“Shipping delays are back on,” according to recent reports. This proclamation was made the same day leaders of iconic U.S. companies joined President Biden in Cincinnati, Ohio to launch a new initiative to transform – and insulate – the U.S. supply chain by making small- and medium-sized U.S. businesses more competitive. A key component to this new plan: broader adoption of additive manufacturing, or 3D printing. It seems the Biden-Harris Administration is doubling down on innovative technologies like 3D printing as part of its plan. It’s a national strategy I think is going to pay off.
The COVID pandemic highlighted the importance of a robust manufacturing base in the aerospace, energy, and defense sectors as well as resilient supply chains. These things are critical to our economic strength and national security. Over the last 25 years, however, we’ve lost 5 million manufacturing jobs and tens of thousands of factories throughout the country have closed, diminishing the capacity and capability of the U.S. manufacturing and defense industrial base.
Earlier this year, President Biden directed a whole-of-government approach to assessing vulnerabilities like this, including ordering a 100-day supply chain review. The final report was released in June of 2021, and among many policy priorities, highlighted the need for expanded use of innovative technologies like additive manufacturing (AM).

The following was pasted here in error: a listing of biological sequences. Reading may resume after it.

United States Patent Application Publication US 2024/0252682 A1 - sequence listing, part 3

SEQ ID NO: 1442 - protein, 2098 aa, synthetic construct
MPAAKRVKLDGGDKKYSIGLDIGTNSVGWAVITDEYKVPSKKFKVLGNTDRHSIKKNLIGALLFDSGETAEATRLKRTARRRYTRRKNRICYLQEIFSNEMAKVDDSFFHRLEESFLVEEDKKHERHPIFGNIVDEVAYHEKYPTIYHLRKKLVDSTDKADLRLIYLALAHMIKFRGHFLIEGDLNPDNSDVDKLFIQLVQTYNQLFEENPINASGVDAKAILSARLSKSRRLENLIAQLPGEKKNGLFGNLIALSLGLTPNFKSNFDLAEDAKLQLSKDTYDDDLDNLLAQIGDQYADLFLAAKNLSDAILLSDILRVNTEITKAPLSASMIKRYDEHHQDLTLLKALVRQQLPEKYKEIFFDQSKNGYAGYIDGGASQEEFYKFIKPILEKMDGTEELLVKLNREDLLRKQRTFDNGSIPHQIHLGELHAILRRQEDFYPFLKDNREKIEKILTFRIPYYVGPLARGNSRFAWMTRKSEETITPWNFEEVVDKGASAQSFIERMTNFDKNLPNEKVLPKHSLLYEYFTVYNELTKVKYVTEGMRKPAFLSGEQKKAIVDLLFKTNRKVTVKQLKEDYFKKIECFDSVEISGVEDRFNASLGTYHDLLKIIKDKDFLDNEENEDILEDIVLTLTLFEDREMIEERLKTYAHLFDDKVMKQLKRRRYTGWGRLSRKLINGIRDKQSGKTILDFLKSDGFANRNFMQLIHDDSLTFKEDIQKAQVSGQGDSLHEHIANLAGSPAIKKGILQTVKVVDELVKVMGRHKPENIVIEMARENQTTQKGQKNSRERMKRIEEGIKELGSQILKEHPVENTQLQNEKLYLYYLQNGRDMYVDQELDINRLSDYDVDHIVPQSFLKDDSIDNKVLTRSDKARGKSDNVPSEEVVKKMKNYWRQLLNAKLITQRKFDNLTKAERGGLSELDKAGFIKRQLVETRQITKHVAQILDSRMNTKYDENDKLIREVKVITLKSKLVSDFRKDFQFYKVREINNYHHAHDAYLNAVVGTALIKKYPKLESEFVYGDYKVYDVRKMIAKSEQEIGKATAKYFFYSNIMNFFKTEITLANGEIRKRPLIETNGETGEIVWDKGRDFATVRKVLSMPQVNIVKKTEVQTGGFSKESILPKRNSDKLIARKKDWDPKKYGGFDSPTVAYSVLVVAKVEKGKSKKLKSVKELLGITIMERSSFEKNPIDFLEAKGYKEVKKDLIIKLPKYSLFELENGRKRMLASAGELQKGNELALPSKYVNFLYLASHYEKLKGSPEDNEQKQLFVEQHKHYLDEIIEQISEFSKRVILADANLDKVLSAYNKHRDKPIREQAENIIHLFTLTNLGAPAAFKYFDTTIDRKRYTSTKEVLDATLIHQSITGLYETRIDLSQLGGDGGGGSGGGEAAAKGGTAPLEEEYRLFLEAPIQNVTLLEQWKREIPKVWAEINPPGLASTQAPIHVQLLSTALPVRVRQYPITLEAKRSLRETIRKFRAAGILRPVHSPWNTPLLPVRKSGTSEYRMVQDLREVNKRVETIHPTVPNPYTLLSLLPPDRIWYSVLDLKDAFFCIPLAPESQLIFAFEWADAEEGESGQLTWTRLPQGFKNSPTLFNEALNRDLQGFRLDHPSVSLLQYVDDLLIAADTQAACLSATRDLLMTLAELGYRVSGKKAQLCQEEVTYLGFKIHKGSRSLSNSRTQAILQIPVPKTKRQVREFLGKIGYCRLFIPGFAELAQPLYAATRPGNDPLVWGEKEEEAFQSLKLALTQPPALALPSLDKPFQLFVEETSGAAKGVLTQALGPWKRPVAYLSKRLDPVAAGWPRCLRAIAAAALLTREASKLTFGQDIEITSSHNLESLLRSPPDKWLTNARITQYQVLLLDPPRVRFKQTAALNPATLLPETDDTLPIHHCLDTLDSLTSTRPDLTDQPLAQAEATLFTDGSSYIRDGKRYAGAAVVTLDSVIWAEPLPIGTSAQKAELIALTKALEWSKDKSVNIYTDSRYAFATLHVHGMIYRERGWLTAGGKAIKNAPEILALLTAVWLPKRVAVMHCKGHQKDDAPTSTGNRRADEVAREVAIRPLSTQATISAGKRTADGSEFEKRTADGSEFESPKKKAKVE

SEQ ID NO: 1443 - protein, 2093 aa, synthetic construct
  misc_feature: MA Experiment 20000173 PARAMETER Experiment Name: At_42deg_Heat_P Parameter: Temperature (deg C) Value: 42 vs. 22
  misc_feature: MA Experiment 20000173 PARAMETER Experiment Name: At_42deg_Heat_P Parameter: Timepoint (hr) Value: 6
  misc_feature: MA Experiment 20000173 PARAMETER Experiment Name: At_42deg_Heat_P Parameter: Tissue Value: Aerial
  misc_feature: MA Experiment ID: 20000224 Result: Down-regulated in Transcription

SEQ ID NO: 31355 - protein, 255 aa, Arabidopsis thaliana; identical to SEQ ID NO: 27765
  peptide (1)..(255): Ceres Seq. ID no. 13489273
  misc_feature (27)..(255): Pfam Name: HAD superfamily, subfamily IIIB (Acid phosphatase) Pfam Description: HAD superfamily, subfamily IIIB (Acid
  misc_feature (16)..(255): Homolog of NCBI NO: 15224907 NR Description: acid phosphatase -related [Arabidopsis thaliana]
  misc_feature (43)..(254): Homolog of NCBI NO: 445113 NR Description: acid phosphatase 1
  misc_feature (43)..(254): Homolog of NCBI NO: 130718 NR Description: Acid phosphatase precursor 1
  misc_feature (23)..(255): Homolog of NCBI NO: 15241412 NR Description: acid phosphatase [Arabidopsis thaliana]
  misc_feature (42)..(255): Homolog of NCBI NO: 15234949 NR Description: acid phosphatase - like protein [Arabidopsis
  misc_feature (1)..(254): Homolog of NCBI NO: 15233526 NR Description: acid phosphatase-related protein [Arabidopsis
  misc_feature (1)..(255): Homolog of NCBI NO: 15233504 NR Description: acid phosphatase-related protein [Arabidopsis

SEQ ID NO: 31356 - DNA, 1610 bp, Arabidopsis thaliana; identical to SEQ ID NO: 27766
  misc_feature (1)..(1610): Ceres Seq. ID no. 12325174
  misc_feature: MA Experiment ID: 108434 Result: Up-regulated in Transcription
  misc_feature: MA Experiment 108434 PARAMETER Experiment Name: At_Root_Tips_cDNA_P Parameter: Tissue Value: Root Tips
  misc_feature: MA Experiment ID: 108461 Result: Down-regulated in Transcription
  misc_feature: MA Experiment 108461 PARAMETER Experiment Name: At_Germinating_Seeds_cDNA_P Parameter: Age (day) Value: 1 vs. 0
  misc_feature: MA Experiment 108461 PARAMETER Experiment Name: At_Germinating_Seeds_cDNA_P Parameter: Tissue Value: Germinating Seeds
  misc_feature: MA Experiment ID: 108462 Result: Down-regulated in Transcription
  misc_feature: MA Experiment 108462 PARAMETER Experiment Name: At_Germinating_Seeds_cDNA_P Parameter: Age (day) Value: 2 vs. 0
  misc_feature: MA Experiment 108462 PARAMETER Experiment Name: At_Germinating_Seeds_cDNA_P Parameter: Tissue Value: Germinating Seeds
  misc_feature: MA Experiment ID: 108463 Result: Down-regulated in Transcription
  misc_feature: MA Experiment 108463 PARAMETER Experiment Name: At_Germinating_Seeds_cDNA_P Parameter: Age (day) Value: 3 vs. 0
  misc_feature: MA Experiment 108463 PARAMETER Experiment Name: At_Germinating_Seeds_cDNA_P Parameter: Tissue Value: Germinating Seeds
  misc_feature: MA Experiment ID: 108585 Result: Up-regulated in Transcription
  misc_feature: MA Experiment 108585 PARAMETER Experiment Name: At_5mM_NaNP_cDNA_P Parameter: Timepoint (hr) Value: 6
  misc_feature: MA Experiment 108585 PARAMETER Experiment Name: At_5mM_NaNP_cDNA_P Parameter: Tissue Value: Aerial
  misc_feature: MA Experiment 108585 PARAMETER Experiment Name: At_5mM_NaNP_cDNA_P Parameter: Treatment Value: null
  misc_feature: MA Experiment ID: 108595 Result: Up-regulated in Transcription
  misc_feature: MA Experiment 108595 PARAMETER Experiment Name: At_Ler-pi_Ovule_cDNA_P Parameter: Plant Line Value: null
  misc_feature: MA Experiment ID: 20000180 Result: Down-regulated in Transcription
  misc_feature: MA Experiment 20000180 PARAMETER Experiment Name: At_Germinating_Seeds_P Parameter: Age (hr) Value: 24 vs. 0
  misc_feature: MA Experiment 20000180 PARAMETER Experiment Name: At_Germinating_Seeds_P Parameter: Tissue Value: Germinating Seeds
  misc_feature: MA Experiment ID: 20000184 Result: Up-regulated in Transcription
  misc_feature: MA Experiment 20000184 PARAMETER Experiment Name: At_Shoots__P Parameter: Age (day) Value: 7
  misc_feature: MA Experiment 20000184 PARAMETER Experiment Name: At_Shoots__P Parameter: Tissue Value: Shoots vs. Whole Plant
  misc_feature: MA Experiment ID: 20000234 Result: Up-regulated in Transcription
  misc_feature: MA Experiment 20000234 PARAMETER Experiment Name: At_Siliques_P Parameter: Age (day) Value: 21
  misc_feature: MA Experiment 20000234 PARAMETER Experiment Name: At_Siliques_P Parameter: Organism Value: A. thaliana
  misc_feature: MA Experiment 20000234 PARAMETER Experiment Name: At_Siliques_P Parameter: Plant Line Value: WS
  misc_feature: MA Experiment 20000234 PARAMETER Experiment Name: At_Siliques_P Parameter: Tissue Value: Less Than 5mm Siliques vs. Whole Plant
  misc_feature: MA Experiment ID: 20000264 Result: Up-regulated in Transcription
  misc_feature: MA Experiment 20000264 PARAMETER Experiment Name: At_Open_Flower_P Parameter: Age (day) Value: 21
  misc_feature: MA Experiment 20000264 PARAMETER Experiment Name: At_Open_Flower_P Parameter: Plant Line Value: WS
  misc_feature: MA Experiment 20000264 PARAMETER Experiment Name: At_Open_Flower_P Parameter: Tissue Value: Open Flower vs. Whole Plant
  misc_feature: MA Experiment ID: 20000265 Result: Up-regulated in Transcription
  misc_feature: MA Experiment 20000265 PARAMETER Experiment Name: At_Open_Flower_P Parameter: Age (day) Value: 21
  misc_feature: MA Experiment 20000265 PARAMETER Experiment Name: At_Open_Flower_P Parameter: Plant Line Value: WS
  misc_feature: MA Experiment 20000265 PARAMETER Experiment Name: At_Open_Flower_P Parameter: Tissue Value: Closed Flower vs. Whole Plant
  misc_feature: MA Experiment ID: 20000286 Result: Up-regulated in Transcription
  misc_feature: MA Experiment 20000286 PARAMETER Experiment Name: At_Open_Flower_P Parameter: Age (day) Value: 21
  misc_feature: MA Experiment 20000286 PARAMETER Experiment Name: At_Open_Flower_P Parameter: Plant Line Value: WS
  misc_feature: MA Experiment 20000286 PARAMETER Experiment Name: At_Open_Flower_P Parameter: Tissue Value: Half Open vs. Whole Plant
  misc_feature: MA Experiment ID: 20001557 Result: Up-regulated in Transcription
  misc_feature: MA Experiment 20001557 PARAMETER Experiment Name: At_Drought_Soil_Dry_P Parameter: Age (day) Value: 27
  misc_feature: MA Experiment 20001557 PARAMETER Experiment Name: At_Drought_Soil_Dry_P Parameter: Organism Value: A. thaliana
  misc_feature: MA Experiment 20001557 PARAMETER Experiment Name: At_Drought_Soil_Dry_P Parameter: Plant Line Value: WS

AM is one of the advanced technologies powering change in manufacturing. Additive technologies can reduce part lead times by as much as 90%, slash materials cost by 90%, and cut energy use in half as compared to forging, casting, and other legacy processes. Businesses use this capability to reduce the number of parts required for an application, to make spare parts on demand, and design high-performing components in various industries, with a significant benefit seen in critical economic sectors like aerospace and defense.
With fresh kinks in the global supply chain issue, I’m encouraged the Administration recognizes the full potential and is creating more opportunities to adopt AM, which has tended to be out of reach for small and large manufacturers due to the high equipment start-up costs.
The new AM Forward program helps to address this by creating a public-private partnership that provides affordable financing to small and medium sized manufacturers to support installing AM equipment. This has the potential to reduce LVHM part lead-times by 90 percent with novel design approaches and cost-saving models. Toward these aims, large corporations like GE Aviation, Honeywell, Lockheed Martin, Raytheon Technologies, and Siemens Energy are making clear commitments to increasing demand for additively produced (3D printed) parts, as well as providing training opportunities to suppliers’ workers, offering detailed technical assistance, and engaging in standards development. The commitment of these iconic American companies is a strong indication that AM is a mainstream component of America’s manufacturing supply chain.
Broader adoption of innovative technologies like additive means lower costs for families, improved competitiveness of America’s small- and medium-sized manufacturers, more high-paying manufacturing jobs, and greater supply chain resilience.